To cup their hands


Explanation:
That's what we say, even if it looks more like a bowl or vault

David Ronder
United Kingdom
Local time: 02:54
Specializes in field
Native speaker of: Native in EnglishEnglish
PRO pts in category: 48

Peer comments on this answer (and responses from the answerer)
disagree  Rosa Paredes: Had to change this; when you're wrong you're wrong. nevertheless, thank you for this term.
4 mins
  -> Thanks, Rosa / Fair enough, Rosa. I'm not going to cup my hands and beg you to give me back your agree :-)

agree  Yvonne Gallagher
7 mins
  -> Thanks, gallagy2

agree  Christine Walsh
27 mins
  -> Thanks, Christine

agree  Paul García: also in the U. S.
1 hr
  -> Thaks, Paul

neutral  Claudia Reynaud: I now think that patinba's suggestion is more accurate. Sorry! :(
5 hrs
  -> Thanks, Claudia

agree  Gordon Byron: "Cup ones hands" is great, very accurate visually and idiomatic to boot
7 hrs
  -> Thanks, Gordon

disagree  neilmac: Suggests begging, asking for something (cf. beggar's bowl)
9 hrs
  -> You may have a point, Neil, but see my discussion entry
Login to enter a peer comment (or grade)

1 hr   confidence: Answerer confidence 4/5Answerer confidence 4/5 peer agreement (net): +18
steepling fingers


Explanation:
I don't think cup or bowl fits because if you are sitting at a desk being interviewed, it is a very unlikely thing to do with your hands. A bóveda is a vault or roof, and I also do not think it can be turned into the opposite (a bowl). However, if you place the fingers of your hands together you can make a vault. I found this ref in a text on body language which would seem more logical, and refers precisely to a confident candidate.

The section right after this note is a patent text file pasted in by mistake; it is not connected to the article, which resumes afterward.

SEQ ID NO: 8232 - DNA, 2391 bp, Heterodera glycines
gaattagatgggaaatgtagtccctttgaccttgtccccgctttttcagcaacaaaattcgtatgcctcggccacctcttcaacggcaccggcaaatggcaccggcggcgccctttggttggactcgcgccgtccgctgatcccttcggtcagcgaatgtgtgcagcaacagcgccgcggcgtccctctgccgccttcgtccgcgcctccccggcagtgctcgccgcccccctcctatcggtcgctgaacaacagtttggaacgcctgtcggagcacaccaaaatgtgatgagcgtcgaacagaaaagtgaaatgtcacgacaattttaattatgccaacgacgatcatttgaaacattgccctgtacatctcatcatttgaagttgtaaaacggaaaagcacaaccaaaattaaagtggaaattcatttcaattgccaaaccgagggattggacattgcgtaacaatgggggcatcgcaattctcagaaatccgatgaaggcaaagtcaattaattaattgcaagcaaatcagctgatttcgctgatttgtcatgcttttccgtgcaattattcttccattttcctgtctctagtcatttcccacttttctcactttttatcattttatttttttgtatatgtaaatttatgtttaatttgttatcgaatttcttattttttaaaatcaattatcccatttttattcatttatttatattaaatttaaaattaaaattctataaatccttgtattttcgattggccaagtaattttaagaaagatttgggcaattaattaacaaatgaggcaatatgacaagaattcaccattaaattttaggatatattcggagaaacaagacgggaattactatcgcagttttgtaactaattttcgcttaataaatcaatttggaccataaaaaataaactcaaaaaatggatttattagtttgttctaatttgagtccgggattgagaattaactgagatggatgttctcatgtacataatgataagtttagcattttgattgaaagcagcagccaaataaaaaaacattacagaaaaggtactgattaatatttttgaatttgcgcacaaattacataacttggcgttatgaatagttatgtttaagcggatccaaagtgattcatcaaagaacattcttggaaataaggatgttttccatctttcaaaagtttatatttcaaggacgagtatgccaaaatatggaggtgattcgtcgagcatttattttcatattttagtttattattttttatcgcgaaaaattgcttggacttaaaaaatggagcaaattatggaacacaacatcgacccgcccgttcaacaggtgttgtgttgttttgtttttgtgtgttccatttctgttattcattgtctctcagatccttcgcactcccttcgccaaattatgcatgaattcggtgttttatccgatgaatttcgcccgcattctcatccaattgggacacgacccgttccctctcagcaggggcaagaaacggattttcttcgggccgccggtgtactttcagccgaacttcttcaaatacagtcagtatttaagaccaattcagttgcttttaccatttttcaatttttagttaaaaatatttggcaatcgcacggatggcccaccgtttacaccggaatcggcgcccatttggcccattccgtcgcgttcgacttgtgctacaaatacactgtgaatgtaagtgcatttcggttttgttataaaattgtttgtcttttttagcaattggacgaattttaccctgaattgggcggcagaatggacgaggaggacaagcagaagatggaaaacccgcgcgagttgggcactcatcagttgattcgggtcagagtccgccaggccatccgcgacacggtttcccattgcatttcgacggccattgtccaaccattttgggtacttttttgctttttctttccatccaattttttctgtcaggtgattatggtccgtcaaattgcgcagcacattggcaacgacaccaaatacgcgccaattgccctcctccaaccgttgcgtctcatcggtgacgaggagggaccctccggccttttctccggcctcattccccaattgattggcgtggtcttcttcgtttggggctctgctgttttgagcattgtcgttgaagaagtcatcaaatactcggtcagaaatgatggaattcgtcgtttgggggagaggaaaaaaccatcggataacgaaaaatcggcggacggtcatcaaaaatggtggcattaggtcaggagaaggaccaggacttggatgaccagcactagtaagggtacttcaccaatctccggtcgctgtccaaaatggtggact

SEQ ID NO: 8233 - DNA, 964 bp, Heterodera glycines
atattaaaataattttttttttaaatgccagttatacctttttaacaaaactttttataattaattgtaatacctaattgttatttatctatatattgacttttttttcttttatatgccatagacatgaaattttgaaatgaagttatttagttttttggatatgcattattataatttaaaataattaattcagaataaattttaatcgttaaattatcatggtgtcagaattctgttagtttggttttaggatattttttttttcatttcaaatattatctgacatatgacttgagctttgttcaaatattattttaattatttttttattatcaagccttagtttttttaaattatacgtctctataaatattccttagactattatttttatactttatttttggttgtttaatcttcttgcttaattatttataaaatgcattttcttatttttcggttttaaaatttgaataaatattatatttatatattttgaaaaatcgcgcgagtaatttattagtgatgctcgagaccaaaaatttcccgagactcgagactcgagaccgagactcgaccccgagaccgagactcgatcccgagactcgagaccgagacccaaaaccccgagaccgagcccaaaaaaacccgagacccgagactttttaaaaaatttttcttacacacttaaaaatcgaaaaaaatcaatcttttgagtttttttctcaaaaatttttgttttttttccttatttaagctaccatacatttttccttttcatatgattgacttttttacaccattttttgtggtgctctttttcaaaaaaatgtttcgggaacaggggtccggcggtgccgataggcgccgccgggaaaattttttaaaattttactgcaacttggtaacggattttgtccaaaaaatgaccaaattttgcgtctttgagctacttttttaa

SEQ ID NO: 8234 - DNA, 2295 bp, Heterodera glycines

You will steeple your fingers (fingertips together like a church steeple) more often when confident but it will vanish the moment you lack confidence or have insecurities.

· Steepling is important to get your point across that you feel strongly about what you are saying, it is probably the most powerful display of confidence that we possess.
Body Language of the Hands | Psychology Today
www.psychologytoday.com/.../body-language-th... - Traducir esta página
20 Jan 2010 – When things are really stressful, you will rub your hands together with fingers stretched out and interlaced. A behavior we reserve for when ...


--------------------------------------------------
Note added at 1 hr (2012-07-24 23:54:42 GMT)
--------------------------------------------------

A few more refs; steepling seems to be a common term in body language and denotes confidence.

steeple
center-for-nonverbal-studies.org/steeple.htm - Traducir esta página
The simple act of placing the fingertips of either hand together in front of you to form a steeple is a very effective gesture that is rarely offensive and will establish ...
Hand Gestures Part Two
www.reading-body-language.co.uk/gestures2.html - Traducir esta página
Gesture - Steeple. THE STEEPLE. Believed to be a sure sign of confidence this is most commonly used by a seated person and imparts a clear message of ...
The Power Of Nonverbal Communication: How You Act Is More ... - Resultado de la Búsqueda de libros de Google
books.google.com.ar/books?isbn=1563437880...
Henry H. Calero - 2005 - Language Arts & Disciplines - 308 páginas
At other times, you notice the change in confidence by the height at which the steepling gesture is made. Some individuals place their hands so high that, when ...
Confident Hand Gesture
www.simplybodylanguage.com/hand-gesture.html - Traducir esta página